Michael K said...

"Think of the disrespect for the law that was Prohibition."

I assume most people, even law professors, knew that Prohibition was a Progressive program that finally got passed along with the 19th Amendment in 1919.

AReasonableMan said...

khesanh0802 said...
( really either party) have even a passing acquaintance with the laws of supply and demand. So simple: fewer job applicants = higher wages/excess job applicants = lower wages.


But higher wages make our goods and services more expensive so that they are even less competitive in a global marketplace than they are now. Those market laws go both ways.

Billy Hill said...

Crossing the border illegally is a crime. Obtaining and using fraudulent documents is a crime. If someone is caught or openly admitting they committed two crimes, are we to assume that they wouldn't be willing to commit other crimes, if it suits their purpose? Low hanging fruit is still fruit.

Jupiter said...

Jason said...
"There's too many minorities in my water park."

If you paid attention to Derbyshire, you would know that too many minorities in your water park means it's time to go home, before the shooting starts. Assuming you still have a home to go to.

n.n said...

There desperately needs to be emigration reform.

That said, anthropogenic climate disruption caused by illegal and excessive immigration has already occurred. The greater issue is if climate disruption has been catastrophic to the communities and people affected, including but not limited to disenfranchisement, murder, rape-rape, theft, etc.

There is also the conflict of interest suffered by people engaged in labor and environmental arbitrage, demographic redistricting (e.g. [class] diversity), the abortion industry, and their political patrons.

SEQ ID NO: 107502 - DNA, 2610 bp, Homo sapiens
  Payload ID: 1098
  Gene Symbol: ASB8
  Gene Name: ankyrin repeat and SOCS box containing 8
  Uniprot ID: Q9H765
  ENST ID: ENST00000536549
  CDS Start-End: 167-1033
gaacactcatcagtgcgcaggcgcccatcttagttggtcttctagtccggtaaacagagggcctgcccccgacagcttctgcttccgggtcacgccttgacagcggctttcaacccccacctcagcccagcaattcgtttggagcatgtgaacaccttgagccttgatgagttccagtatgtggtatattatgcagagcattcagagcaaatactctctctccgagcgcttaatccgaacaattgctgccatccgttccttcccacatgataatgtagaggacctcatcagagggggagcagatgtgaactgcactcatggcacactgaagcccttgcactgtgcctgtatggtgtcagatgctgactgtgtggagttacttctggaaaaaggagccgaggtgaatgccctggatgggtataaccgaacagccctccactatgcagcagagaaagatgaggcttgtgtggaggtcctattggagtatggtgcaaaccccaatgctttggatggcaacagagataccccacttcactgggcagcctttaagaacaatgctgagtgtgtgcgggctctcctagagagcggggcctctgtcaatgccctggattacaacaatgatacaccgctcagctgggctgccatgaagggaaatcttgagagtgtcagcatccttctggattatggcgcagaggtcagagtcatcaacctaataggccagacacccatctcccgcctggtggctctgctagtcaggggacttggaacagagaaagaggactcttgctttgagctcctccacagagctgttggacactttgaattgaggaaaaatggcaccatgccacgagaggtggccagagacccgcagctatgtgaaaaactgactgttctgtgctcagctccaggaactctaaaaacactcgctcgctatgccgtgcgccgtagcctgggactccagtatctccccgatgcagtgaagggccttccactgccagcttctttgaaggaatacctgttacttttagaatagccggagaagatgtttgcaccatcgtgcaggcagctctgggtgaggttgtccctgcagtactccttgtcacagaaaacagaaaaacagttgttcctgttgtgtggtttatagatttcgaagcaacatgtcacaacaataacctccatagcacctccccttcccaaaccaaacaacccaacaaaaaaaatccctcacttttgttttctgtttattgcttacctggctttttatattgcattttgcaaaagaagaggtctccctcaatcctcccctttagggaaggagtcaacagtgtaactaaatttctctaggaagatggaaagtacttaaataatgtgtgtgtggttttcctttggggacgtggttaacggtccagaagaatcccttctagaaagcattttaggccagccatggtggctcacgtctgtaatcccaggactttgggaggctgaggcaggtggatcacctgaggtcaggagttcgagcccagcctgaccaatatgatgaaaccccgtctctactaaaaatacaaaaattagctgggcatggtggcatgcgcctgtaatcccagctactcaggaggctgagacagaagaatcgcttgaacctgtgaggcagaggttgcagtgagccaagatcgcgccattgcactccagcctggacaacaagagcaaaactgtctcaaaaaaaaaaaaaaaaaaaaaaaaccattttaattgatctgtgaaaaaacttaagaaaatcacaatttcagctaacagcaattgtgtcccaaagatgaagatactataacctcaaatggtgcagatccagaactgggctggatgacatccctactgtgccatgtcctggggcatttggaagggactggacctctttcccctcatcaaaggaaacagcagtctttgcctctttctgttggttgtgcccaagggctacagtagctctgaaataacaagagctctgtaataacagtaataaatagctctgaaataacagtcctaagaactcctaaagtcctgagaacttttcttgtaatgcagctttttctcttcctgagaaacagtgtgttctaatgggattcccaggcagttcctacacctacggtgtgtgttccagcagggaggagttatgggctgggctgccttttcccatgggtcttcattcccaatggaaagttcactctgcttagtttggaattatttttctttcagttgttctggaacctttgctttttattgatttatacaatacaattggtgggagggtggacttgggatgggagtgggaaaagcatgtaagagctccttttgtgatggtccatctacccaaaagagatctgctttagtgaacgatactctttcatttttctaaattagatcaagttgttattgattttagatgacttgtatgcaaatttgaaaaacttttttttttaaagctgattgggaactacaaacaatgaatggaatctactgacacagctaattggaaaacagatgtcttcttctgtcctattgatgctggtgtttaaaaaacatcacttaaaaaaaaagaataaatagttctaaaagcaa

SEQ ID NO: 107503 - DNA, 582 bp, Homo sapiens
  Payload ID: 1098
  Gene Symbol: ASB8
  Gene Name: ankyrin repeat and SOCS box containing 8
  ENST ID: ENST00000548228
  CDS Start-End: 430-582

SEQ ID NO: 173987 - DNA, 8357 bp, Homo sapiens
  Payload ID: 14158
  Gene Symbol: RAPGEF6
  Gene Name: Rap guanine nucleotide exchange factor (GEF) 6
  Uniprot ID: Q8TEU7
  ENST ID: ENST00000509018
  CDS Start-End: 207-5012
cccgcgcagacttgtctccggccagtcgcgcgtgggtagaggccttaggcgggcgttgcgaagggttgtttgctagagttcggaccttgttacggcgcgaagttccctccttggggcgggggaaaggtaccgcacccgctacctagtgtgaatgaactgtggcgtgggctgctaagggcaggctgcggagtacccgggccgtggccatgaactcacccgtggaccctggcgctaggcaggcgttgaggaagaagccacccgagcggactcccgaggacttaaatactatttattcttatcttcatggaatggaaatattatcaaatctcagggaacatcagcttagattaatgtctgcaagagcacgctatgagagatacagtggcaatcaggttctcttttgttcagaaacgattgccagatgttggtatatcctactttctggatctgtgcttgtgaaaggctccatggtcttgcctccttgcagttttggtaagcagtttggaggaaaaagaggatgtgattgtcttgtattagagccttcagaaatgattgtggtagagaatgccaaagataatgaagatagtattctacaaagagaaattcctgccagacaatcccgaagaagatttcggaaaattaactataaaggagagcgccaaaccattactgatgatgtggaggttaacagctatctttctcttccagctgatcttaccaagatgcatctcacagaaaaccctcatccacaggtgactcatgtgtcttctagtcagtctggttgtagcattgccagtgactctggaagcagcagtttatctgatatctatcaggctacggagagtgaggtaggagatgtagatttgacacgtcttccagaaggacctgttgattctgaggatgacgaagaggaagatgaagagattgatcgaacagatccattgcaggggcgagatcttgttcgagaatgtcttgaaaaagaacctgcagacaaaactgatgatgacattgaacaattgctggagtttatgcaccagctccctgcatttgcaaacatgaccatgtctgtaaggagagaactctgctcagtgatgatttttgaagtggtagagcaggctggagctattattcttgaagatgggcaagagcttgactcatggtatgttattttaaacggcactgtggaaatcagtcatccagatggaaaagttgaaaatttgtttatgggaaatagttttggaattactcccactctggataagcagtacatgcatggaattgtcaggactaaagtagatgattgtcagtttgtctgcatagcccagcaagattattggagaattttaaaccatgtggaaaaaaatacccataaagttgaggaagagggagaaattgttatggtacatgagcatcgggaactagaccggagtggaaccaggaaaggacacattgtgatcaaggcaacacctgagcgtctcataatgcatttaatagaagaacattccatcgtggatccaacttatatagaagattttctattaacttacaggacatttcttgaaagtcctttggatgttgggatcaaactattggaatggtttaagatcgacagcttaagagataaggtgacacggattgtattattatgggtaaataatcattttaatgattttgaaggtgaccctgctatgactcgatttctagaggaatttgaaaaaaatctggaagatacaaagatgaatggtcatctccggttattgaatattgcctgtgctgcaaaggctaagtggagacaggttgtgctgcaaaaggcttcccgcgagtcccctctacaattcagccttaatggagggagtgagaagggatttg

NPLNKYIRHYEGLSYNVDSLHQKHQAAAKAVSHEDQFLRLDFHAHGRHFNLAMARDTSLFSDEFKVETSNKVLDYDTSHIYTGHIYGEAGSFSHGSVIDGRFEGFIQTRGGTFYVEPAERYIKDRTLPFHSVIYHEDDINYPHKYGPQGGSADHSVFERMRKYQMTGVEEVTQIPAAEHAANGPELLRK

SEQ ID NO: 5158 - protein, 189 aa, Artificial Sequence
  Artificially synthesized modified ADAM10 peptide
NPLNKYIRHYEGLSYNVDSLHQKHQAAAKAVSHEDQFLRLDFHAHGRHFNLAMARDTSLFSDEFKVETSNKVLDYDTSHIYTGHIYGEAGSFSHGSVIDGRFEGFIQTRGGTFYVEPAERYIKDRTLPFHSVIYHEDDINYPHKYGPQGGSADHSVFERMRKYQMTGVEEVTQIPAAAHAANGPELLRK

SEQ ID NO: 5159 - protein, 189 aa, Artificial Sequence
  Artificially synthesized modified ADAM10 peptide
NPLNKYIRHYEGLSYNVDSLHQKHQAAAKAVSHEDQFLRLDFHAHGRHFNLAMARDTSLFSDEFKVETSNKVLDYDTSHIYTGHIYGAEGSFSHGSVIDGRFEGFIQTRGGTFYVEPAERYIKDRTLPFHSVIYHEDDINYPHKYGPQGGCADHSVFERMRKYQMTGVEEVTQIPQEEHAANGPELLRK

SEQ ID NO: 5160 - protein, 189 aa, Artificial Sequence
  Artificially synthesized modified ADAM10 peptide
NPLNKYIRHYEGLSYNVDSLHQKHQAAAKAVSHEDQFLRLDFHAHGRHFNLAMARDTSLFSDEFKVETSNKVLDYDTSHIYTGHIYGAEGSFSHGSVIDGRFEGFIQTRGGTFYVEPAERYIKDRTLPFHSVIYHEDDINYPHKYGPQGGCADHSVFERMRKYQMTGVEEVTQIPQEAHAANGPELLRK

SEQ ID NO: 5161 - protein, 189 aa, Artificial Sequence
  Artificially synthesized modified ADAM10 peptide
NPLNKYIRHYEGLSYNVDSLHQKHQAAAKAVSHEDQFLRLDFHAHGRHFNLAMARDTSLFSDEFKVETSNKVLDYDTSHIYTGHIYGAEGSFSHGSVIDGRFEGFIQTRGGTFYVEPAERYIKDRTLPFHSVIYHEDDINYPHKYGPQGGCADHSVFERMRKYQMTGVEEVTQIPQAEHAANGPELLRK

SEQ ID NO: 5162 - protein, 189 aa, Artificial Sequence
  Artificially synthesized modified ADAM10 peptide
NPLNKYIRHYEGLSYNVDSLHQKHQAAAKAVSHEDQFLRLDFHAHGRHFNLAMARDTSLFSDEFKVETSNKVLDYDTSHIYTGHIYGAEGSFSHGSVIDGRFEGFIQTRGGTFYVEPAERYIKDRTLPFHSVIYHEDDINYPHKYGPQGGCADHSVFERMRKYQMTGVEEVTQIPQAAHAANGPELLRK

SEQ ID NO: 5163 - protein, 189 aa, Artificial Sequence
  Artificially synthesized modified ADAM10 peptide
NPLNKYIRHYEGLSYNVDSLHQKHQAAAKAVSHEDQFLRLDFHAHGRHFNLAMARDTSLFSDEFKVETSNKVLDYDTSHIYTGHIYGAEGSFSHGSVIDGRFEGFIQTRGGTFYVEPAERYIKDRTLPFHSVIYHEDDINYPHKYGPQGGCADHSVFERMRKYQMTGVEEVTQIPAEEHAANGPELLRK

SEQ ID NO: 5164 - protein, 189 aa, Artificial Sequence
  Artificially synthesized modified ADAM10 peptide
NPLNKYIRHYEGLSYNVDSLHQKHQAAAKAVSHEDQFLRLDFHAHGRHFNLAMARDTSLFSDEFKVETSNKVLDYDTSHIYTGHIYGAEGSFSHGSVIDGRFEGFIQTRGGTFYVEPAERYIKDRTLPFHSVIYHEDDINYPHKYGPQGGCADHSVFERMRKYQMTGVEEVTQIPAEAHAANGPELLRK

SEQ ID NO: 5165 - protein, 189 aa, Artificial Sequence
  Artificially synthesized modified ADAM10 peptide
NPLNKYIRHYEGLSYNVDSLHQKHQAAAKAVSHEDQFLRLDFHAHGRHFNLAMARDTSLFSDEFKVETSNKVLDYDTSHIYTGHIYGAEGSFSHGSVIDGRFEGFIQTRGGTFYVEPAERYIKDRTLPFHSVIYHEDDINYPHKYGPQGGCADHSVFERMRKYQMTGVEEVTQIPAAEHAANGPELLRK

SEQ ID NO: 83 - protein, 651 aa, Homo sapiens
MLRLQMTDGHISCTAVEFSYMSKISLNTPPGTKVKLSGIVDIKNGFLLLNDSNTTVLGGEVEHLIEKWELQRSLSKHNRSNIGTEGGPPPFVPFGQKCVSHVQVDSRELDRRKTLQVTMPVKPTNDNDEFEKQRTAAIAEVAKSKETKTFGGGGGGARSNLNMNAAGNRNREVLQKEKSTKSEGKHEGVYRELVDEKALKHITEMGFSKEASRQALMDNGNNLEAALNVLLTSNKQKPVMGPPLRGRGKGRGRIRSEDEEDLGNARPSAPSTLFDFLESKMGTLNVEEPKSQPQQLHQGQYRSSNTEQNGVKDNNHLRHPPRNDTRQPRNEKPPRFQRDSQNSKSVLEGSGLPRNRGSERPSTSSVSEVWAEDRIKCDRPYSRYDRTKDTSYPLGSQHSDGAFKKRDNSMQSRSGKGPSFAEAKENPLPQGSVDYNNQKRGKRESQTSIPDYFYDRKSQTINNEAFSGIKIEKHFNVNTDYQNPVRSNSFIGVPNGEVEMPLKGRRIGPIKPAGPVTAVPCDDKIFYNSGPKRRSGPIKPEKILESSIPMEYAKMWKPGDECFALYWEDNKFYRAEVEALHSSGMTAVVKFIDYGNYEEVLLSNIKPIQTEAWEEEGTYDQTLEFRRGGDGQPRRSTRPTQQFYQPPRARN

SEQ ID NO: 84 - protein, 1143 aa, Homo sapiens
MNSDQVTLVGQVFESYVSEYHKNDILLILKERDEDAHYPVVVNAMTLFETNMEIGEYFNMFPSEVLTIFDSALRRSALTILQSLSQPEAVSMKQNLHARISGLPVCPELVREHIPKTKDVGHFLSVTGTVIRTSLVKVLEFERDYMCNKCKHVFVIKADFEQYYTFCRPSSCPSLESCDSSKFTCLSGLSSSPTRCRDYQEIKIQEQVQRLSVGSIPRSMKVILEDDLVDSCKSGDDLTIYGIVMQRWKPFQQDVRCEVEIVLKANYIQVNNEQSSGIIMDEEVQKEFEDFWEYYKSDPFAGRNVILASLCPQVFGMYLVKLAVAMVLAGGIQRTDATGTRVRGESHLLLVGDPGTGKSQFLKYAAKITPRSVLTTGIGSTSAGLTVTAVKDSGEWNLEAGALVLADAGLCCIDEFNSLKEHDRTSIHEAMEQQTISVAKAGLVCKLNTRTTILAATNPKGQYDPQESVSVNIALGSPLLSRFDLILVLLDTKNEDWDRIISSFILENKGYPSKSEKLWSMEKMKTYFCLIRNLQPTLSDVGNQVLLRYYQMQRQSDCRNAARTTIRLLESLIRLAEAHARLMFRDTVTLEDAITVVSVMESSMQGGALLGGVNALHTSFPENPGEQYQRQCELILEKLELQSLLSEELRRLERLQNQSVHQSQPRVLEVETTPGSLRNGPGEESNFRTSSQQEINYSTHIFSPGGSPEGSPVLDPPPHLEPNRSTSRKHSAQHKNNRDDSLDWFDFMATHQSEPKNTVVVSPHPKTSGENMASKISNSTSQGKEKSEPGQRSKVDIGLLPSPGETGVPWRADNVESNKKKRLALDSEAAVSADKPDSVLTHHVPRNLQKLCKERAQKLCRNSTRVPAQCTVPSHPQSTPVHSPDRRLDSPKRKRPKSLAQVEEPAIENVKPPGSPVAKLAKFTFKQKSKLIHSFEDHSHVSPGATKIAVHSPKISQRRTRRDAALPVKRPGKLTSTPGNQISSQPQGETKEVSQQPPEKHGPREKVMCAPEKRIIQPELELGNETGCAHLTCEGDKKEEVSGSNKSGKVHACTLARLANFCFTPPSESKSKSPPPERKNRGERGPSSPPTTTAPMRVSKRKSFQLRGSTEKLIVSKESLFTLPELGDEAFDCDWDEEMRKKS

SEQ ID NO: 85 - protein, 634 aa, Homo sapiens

AReasonableMan said...

Minorities in my Waterpark

Jersey Fled said...

n.n. makes a good point.

She left Mexico where she presumably had a low carbon footprint and became an (illegal) American consumer where she undoubtedly had a higher carbon footprint.

Think of all of those additional greenhouse gases warming the planet!

Oh, the humanity!

cubanbob said...

Setting aside the above comments if I read correctly (elsewhere) she is married to a US citizen and is the mother of US citizens so why didn't she apply for legal status years ago?
As I see it, if one is going to reside in the US not becoming a citizen is rather foolish. You have all of the obligations of a citizen without a lot of the benefits.

rehajm said...

Mike Sylwester said...

The annual 1,000,000 legal immigrants aren't enough for you?


What's in a number? Immigration is good for an economy. People come here, they work, they pay taxes, they buy things, create demand. Grow GDP. Which begat demand for more things and more people to make them, many of them Americans...and on and on...